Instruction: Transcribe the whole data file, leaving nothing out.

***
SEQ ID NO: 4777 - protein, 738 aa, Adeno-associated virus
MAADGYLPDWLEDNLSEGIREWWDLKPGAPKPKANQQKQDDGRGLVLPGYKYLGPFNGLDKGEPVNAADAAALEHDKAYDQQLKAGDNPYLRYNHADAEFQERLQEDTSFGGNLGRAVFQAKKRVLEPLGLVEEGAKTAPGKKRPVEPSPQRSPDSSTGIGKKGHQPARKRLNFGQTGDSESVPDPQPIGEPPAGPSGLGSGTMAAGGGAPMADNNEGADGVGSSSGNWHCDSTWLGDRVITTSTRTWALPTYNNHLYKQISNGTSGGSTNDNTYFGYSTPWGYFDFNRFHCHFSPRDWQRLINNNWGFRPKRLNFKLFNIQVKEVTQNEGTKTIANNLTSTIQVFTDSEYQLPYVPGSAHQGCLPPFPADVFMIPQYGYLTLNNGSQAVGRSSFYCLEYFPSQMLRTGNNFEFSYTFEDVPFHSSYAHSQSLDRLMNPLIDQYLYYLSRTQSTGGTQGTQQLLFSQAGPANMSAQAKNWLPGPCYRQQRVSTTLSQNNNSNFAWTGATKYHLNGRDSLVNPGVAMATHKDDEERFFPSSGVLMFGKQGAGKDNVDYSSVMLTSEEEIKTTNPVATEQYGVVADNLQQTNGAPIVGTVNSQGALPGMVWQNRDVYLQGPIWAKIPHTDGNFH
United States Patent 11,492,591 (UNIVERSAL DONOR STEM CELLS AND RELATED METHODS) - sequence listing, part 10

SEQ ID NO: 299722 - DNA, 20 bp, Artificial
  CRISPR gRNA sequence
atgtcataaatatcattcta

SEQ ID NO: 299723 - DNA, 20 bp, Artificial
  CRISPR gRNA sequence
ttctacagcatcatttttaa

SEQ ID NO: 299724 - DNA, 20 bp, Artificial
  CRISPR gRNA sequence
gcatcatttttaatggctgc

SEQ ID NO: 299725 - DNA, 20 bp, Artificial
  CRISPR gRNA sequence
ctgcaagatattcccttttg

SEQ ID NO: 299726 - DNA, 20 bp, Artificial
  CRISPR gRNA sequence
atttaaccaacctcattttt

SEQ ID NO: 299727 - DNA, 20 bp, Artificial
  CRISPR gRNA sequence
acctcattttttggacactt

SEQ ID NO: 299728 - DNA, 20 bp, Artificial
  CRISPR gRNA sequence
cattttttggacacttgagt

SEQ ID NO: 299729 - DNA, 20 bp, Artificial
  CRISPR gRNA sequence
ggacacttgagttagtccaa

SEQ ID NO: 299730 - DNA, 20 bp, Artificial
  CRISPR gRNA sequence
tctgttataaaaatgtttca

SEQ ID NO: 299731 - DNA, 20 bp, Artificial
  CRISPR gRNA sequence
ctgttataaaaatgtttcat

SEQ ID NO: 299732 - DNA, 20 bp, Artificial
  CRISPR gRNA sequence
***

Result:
SEQ ID NO: 4777 - protein, 738 aa, Adeno-associated virus
MAADGYLPDWLEDNLSEGIREWWDLKPGAPKPKANQQKQDDGRGLVLPGYKYLGPFNGLDKGEPVNAADAAALEHDKAYDQQLKAGDNPYLRYNHADAEFQERLQEDTSFGGNLGRAVFQAKKRVLEPLGLVEEGAKTAPGKKRPVEPSPQRSPDSSTGIGKKGHQPARKRLNFGQTGDSESVPDPQPIGEPPAGPSGLGSGTMAAGGGAPMADNNEGADGVGSSSGNWHCDSTWLGDRVITTSTRTWALPTYNNHLYKQISNGTSGGSTNDNTYFGYSTPWGYFDFNRFHCHFSPRDWQRLINNNWGFRPKRLNFKLFNIQVKEVTQNEGTKTIANNLTSTIQVFTDSEYQLPYVPGSAHQGCLPPFPADVFMIPQYGYLTLNNGSQAVGRSSFYCLEYFPSQMLRTGNNFEFSYTFEDVPFHSSYAHSQSLDRLMNPLIDQYLYYLSRTQSTGGTQGTQQLLFSQAGPANMSAQAKNWLPGPCYRQQRVSTTLSQNNNSNFAWTGATKYHLNGRDSLVNPGVAMATHKDDEERFFPSSGVLMFGKQGAGKDNVDYSSVMLTSEEEIKTTNPVATEQYGVVADNLQQTNGAPIVGTVNSQGALPGMVWQNRDVYLQGPIWAKIPHTDGNFH
United States Patent 11,492,591 (UNIVERSAL DONOR STEM CELLS AND RELATED METHODS) - sequence listing, part 10

SEQ ID NO: 299722 - DNA, 20 bp, Artificial
  CRISPR gRNA sequence
atgtcataaatatcattcta

SEQ ID NO: 299723 - DNA, 20 bp, Artificial
  CRISPR gRNA sequence
ttctacagcatcatttttaa

SEQ ID NO: 299724 - DNA, 20 bp, Artificial
  CRISPR gRNA sequence
gcatcatttttaatggctgc

SEQ ID NO: 299725 - DNA, 20 bp, Artificial
  CRISPR gRNA sequence
ctgcaagatattcccttttg

SEQ ID NO: 299726 - DNA, 20 bp, Artificial
  CRISPR gRNA sequence
atttaaccaacctcattttt

SEQ ID NO: 299727 - DNA, 20 bp, Artificial
  CRISPR gRNA sequence
acctcattttttggacactt

SEQ ID NO: 299728 - DNA, 20 bp, Artificial
  CRISPR gRNA sequence
cattttttggacacttgagt

SEQ ID NO: 299729 - DNA, 20 bp, Artificial
  CRISPR gRNA sequence
ggacacttgagttagtccaa

SEQ ID NO: 299730 - DNA, 20 bp, Artificial
  CRISPR gRNA sequence
tctgttataaaaatgtttca

SEQ ID NO: 299731 - DNA, 20 bp, Artificial
  CRISPR gRNA sequence
ctgttataaaaatgtttcat

SEQ ID NO: 299732 - DNA, 20 bp, Artificial
  CRISPR gRNA sequence